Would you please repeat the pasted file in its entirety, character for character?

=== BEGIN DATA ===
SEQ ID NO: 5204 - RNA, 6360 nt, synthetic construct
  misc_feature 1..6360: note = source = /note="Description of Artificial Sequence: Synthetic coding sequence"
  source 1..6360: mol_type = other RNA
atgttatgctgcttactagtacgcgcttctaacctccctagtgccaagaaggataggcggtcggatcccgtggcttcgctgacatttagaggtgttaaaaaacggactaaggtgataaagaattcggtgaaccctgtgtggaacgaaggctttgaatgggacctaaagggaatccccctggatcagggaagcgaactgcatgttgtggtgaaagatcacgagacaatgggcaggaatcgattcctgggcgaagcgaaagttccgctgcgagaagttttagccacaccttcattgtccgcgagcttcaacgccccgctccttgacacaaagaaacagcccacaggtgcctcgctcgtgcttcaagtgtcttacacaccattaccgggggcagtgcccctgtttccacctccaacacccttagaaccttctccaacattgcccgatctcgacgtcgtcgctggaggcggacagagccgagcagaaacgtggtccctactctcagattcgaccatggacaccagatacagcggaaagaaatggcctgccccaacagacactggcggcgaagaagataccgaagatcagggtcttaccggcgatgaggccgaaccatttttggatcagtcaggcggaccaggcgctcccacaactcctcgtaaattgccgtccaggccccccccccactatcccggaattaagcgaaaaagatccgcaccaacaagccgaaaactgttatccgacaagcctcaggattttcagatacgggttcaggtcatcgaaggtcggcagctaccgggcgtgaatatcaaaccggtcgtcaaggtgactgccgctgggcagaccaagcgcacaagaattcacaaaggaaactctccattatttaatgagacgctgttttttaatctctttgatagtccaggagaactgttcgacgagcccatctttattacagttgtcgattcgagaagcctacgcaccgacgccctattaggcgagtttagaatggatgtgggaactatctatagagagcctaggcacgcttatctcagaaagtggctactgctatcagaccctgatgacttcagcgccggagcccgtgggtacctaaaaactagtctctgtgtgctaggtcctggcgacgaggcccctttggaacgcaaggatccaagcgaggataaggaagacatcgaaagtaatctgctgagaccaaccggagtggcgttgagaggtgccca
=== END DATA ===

SEQ ID NO: 5204 - RNA, 6360 nt, synthetic construct
  misc_feature 1..6360: note = source = /note="Description of Artificial Sequence: Synthetic coding sequence"
  source 1..6360: mol_type = other RNA
atgttatgctgcttactagtacgcgcttctaacctccctagtgccaagaaggataggcggtcggatcccgtggcttcgctgacatttagaggtgttaaaaaacggactaaggtgataaagaattcggtgaaccctgtgtggaacgaaggctttgaatgggacctaaagggaatccccctggatcagggaagcgaactgcatgttgtggtgaaagatcacgagacaatgggcaggaatcgattcctgggcgaagcgaaagttccgctgcgagaagttttagccacaccttcattgtccgcgagcttcaacgccccgctccttgacacaaagaaacagcccacaggtgcctcgctcgtgcttcaagtgtcttacacaccattaccgggggcagtgcccctgtttccacctccaacacccttagaaccttctccaacattgcccgatctcgacgtcgtcgctggaggcggacagagccgagcagaaacgtggtccctactctcagattcgaccatggacaccagatacagcggaaagaaatggcctgccccaacagacactggcggcgaagaagataccgaagatcagggtcttaccggcgatgaggccgaaccatttttggatcagtcaggcggaccaggcgctcccacaactcctcgtaaattgccgtccaggccccccccccactatcccggaattaagcgaaaaagatccgcaccaacaagccgaaaactgttatccgacaagcctcaggattttcagatacgggttcaggtcatcgaaggtcggcagctaccgggcgtgaatatcaaaccggtcgtcaaggtgactgccgctgggcagaccaagcgcacaagaattcacaaaggaaactctccattatttaatgagacgctgttttttaatctctttgatagtccaggagaactgttcgacgagcccatctttattacagttgtcgattcgagaagcctacgcaccgacgccctattaggcgagtttagaatggatgtgggaactatctatagagagcctaggcacgcttatctcagaaagtggctactgctatcagaccctgatgacttcagcgccggagcccgtgggtacctaaaaactagtctctgtgtgctaggtcctggcgacgaggcccctttggaacgcaaggatccaagcgaggataaggaagacatcgaaagtaatctgctgagaccaaccggagtggcgttgagaggtgccca